Edinburgh Fringe 2016
We all know the Dracula story… or do we? Join the first Romanian immigrant as he strikes fear into the male establishment with some surprising consequences. Five actors take on lots of characters in this funny, fast-paced retelling of the classic Gothic tale.
Pleasance Beside is an unprepossessing blue box in Pleasance Courtyard – but there is magic within. Let Them Call It Mischief take on the challenge of the wide, shallow performing space and imbue it with energy and chutzpah to take us on a dizzying 60 minute ride through Transylvania to meet the eponymous Count.
Right from the start, the five-strong company set out their stall – playful, engaging, unafraid to set up a convention and break it, or indulge a running gag its life. At the beginning Jonathan Harker (the versatile Anthony Pinnick) is on the train and as it pulls into a stop, the stationmaster is waiting with a smoke machine to “accidentally” fill his carriage with “steam”. The show is packed with these delightful touches, with the actors unintentionally dropping each other in another fine mess.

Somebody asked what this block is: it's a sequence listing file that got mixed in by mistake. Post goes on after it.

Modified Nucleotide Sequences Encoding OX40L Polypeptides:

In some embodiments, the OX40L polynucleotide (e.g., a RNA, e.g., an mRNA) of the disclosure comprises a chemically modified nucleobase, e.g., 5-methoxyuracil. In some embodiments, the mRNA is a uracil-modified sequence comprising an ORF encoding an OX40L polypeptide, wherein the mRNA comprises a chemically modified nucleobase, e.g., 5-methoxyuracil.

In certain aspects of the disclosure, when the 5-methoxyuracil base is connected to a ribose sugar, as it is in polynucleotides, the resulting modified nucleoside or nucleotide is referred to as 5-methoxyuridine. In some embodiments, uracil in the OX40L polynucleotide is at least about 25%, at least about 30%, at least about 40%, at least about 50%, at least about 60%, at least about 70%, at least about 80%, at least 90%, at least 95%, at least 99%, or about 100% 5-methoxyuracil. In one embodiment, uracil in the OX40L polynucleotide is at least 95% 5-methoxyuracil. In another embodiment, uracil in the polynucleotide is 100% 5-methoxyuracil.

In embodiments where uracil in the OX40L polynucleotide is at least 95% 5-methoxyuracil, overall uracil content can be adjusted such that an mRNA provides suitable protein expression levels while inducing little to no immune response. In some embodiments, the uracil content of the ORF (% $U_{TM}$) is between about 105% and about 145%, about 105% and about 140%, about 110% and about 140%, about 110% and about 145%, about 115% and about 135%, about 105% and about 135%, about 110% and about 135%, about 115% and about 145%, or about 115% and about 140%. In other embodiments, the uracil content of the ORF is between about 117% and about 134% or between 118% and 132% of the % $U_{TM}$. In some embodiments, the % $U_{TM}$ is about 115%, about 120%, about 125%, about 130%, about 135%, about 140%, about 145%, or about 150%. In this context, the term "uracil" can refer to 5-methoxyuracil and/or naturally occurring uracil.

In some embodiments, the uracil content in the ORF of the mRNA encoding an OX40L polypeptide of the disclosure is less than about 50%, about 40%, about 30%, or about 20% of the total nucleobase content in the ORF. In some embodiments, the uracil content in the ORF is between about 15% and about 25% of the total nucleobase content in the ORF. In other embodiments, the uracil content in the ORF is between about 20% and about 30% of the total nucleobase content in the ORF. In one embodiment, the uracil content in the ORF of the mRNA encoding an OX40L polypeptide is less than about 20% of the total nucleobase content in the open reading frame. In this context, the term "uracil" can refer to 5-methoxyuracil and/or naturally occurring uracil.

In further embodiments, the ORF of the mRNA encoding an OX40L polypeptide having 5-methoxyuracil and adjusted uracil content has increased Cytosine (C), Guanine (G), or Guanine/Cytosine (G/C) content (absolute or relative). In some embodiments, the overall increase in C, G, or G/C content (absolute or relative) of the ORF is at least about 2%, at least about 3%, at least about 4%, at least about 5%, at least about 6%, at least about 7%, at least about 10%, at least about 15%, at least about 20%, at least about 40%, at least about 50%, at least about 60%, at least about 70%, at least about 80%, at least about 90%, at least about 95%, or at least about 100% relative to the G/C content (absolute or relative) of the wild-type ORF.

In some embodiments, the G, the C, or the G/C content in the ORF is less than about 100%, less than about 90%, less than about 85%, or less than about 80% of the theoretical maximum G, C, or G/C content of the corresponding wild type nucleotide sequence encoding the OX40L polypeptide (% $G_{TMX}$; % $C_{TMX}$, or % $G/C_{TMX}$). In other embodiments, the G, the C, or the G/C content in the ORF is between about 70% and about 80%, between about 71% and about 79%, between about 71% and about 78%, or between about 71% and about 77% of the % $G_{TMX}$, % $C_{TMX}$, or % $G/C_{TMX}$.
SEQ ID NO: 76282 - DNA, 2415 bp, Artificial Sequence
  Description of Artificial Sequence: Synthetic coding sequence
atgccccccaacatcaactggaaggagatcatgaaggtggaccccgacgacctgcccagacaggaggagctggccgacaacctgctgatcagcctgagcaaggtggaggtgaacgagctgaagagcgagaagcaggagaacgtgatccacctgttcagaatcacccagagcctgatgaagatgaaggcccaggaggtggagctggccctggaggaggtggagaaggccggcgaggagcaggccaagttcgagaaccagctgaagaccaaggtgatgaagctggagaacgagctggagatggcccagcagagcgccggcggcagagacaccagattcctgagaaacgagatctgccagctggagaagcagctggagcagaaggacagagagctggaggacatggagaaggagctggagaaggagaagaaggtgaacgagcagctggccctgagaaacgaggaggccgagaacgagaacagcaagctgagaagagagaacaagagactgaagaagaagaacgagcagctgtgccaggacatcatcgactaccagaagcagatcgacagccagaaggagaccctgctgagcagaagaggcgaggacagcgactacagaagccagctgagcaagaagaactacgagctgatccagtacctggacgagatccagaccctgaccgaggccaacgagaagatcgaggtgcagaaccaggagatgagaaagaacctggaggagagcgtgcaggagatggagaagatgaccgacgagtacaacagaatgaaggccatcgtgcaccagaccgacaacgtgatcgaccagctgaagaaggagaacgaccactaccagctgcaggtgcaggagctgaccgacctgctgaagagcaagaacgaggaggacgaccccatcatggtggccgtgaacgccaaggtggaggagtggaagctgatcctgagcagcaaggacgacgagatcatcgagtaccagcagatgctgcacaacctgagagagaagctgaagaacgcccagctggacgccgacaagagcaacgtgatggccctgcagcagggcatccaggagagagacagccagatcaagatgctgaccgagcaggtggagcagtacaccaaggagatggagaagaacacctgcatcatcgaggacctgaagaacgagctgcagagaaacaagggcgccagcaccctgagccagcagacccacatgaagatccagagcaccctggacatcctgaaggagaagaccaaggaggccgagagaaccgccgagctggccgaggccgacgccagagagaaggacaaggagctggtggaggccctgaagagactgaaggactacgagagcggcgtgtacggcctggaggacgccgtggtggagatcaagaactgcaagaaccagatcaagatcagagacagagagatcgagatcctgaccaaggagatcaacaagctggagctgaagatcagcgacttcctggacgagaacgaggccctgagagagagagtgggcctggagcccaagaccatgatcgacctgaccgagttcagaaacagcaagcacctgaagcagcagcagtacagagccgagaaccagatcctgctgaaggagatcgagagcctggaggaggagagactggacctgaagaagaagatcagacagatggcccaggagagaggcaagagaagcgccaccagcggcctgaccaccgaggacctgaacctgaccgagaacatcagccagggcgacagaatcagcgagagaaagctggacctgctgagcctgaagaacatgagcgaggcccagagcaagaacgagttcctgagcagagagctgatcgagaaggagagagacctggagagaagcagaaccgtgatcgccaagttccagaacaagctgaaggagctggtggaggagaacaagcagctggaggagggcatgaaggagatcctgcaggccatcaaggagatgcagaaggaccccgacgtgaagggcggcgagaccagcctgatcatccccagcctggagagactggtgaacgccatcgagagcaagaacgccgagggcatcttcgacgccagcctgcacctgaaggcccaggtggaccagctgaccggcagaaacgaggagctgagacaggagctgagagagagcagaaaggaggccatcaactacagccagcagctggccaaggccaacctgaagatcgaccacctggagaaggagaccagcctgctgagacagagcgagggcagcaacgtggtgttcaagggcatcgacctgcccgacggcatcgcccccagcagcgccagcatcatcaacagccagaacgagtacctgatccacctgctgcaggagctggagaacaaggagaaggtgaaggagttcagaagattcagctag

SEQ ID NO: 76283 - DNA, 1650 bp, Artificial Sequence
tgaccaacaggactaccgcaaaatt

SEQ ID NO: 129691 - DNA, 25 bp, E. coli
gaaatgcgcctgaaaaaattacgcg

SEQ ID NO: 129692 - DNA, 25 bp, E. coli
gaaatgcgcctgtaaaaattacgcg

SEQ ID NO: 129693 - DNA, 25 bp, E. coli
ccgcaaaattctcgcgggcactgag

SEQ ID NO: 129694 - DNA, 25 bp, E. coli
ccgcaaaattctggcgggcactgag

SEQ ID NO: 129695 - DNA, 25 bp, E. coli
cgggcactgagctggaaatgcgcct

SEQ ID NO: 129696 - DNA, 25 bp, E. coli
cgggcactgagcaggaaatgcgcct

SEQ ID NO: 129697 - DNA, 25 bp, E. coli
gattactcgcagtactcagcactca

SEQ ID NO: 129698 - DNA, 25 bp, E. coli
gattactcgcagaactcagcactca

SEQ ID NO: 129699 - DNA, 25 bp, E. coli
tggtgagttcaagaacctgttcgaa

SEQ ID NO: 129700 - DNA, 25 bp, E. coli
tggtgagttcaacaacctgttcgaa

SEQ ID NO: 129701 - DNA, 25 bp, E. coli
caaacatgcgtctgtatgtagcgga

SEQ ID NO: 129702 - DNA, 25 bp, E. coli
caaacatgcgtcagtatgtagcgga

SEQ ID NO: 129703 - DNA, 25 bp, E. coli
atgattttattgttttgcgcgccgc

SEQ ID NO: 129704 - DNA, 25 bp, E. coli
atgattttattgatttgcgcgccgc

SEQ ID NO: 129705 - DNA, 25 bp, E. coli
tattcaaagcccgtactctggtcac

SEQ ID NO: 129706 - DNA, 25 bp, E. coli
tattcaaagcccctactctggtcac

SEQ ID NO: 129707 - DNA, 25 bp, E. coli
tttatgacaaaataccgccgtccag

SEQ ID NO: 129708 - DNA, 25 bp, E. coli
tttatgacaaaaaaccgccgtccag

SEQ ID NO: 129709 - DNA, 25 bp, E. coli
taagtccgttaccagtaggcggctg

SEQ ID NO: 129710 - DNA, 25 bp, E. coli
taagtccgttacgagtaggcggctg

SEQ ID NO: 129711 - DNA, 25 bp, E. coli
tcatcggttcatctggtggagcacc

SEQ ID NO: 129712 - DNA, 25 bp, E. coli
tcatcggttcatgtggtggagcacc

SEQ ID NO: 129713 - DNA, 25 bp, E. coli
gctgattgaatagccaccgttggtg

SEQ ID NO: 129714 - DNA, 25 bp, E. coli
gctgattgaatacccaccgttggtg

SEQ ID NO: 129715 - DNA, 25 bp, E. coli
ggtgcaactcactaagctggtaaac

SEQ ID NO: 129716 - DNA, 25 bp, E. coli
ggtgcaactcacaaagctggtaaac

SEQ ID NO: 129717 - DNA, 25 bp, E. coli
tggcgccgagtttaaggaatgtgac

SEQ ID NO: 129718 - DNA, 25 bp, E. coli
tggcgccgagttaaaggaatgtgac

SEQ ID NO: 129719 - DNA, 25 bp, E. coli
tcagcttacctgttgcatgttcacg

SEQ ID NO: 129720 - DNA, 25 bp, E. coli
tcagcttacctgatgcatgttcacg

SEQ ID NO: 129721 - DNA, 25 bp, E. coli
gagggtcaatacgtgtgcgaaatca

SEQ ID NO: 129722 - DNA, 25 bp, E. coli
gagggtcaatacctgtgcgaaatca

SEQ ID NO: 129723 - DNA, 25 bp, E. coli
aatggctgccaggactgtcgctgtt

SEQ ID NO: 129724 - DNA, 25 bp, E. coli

Rob Cummings’ Dracula looms large, undercutting his dark presence with delicate footwork, his tiny geisha steps mimicking the gliding Count from so many B movies. Harker is keen to get out of Castle Dracula as soon as possible and return to London to his beloved Mina – and to deliver pressing paperwork – but he is detained by a delightful spoof harem of vampires – they even indulge him with a bit of Dirty Dancing. It is deliciously delivered.
Back home Mina (a sassy, strong Sarah Bradnam) awaits Jonathan’s return whilst her friend Lucy (a lovely dizzy turn from Alyssa Noble) fends off proposals of marriage from – well, anyone in the company who’s free – “How long will you be? – As long as it takes me to get changed”. The doubling and trebling is handled with great aplomb and a generous helping of nudge and wink.
The action stays pretty close to Bram Stoker’s original – the arrival of Van Helsing (a gleeful Graham Elwell who doubles as a suitably disturbed Renfield – and everyone else) signals the beginning of the end – he’s out for the Count. The stakes are high – obviously – and the stage blood goes everywhere.
Danny Wainwright and Daniel Hallissey have concocted a well-aimed script which doffs a cap to Blackadder and Patrick Barlow’s 39 Steps – there’s a splash of Spike Milligan in there too. There’s enough layering to make sure the adults get their laughs without the kids feeling short-changed. Wainwright’s direction ensures the pace doesn’t drop – the set-pieces are well-executed and there’s a very nice complicity with the audience. If you’re after a good time in Edinburgh – get your teeth into this one.